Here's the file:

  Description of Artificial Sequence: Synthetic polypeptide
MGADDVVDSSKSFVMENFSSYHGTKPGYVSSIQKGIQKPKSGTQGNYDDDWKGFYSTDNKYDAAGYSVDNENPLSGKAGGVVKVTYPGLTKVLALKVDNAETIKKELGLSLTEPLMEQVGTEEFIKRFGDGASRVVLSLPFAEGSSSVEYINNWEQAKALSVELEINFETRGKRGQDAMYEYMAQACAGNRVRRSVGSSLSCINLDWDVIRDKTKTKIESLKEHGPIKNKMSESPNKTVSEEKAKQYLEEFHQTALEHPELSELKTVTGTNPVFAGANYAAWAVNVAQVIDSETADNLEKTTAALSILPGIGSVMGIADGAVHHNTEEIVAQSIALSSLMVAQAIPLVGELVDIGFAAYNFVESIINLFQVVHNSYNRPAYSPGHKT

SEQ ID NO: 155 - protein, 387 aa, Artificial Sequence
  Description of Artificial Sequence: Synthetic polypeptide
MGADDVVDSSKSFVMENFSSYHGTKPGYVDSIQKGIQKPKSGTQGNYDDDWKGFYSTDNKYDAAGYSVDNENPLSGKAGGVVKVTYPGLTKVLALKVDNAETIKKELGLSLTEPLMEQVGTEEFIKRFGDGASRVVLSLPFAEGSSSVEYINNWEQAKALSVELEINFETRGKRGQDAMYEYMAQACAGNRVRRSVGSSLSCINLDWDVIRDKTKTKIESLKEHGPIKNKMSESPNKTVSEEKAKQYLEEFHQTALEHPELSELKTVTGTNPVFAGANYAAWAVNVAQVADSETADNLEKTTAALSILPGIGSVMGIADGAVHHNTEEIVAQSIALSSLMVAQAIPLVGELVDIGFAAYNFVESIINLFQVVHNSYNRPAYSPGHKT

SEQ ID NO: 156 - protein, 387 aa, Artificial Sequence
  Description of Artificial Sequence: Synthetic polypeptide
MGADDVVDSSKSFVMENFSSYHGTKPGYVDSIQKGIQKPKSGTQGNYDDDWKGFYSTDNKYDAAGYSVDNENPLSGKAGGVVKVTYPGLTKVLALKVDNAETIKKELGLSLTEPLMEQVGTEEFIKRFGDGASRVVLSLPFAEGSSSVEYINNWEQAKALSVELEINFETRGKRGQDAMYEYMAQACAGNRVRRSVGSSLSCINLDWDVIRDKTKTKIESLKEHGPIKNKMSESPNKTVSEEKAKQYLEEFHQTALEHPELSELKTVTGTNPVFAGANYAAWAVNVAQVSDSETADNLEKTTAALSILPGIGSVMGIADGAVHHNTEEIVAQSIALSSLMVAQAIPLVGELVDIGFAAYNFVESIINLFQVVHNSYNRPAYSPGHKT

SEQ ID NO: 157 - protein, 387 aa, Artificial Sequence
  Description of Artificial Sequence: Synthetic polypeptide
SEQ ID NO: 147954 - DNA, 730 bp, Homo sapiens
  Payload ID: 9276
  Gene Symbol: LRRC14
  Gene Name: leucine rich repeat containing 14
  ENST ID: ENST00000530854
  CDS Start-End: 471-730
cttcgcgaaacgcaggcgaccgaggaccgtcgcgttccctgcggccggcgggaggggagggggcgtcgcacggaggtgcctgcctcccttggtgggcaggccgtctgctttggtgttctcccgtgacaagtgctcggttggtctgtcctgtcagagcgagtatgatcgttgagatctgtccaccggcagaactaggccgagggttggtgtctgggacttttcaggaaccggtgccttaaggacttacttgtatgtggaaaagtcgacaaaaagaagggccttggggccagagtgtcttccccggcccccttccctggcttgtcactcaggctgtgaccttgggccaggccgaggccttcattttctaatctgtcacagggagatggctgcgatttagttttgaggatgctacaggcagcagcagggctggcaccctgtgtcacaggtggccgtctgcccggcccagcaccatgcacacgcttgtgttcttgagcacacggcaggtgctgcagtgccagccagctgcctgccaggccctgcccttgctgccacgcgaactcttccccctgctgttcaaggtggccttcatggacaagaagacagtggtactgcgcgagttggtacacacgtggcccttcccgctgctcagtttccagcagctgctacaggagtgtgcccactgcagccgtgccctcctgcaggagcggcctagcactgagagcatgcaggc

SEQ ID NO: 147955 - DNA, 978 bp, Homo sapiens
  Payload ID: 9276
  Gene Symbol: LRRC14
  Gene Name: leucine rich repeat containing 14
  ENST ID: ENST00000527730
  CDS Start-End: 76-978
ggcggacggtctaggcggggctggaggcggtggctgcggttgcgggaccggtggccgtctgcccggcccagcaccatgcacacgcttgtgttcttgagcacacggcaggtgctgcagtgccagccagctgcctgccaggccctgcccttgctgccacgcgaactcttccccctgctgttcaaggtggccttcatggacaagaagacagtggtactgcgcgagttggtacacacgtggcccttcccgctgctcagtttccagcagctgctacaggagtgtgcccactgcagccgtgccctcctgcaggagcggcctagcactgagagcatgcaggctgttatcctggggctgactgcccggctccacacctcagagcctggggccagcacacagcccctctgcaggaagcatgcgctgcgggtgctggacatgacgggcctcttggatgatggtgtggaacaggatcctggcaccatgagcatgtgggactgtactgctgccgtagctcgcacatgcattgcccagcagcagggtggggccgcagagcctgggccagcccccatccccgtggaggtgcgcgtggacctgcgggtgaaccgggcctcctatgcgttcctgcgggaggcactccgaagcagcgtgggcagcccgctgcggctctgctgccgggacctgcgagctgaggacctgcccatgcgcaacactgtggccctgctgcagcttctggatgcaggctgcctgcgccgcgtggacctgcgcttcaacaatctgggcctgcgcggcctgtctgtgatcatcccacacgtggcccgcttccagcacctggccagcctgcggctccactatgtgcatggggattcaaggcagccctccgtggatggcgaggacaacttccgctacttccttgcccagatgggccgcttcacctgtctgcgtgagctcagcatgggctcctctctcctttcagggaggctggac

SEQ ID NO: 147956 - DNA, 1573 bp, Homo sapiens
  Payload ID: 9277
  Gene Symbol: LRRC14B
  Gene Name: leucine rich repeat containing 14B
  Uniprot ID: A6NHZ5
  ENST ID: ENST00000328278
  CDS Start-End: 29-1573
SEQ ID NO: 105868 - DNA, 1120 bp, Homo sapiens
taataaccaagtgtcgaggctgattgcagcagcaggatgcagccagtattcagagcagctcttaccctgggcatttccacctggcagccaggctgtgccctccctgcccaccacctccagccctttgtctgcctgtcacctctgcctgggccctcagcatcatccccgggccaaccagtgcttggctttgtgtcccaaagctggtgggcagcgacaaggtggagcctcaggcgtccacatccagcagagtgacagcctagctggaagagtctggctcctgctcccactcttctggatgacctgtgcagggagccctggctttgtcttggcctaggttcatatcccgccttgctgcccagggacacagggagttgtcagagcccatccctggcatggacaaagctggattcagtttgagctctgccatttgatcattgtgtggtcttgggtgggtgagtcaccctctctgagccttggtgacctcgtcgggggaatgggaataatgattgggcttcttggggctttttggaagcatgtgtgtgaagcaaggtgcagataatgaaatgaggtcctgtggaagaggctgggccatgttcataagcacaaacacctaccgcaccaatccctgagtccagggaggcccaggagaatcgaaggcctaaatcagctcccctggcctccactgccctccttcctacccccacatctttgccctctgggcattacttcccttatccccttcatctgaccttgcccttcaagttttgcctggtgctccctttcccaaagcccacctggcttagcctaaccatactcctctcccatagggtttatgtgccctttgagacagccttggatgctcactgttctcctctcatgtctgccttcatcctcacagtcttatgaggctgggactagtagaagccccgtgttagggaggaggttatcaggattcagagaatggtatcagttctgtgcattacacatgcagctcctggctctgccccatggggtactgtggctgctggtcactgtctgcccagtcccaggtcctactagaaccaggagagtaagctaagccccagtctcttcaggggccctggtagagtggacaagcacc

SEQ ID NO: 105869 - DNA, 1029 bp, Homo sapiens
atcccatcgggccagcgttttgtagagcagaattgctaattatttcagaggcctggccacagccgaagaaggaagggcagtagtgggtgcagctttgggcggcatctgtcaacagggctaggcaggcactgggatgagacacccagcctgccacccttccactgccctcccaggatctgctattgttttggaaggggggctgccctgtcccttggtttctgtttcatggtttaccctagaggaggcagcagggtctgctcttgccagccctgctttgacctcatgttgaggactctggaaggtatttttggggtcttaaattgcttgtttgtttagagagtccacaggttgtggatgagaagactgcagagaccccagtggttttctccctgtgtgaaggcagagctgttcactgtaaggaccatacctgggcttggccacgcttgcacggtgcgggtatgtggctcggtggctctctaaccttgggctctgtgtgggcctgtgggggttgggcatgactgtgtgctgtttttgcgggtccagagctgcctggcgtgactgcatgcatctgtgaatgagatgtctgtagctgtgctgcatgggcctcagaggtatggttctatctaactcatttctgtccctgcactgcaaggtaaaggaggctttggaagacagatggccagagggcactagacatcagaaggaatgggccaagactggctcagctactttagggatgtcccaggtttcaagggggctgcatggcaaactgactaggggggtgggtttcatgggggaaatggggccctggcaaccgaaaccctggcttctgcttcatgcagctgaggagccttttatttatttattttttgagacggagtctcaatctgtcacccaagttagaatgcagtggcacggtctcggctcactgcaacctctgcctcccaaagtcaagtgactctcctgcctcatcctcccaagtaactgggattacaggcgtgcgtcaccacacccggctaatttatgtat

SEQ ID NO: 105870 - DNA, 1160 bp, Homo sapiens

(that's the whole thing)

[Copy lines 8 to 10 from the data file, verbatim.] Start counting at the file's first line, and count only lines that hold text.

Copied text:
MGADDVVDSSKSFVMENFSSYHGTKPGYVDSIQKGIQKPKSGTQGNYDDDWKGFYSTDNKYDAAGYSVDNENPLSGKAGGVVKVTYPGLTKVLALKVDNAETIKKELGLSLTEPLMEQVGTEEFIKRFGDGASRVVLSLPFAEGSSSVEYINNWEQAKALSVELEINFETRGKRGQDAMYEYMAQACAGNRVRRSVGSSLSCINLDWDVIRDKTKTKIESLKEHGPIKNKMSESPNKTVSEEKAKQYLEEFHQTALEHPELSELKTVTGTNPVFAGANYAAWAVNVAQVSDSETADNLEKTTAALSILPGIGSVMGIADGAVHHNTEEIVAQSIALSSLMVAQAIPLVGELVDIGFAAYNFVESIINLFQVVHNSYNRPAYSPGHKT

SEQ ID NO: 157 - protein, 387 aa, Artificial Sequence
  Description of Artificial Sequence: Synthetic polypeptide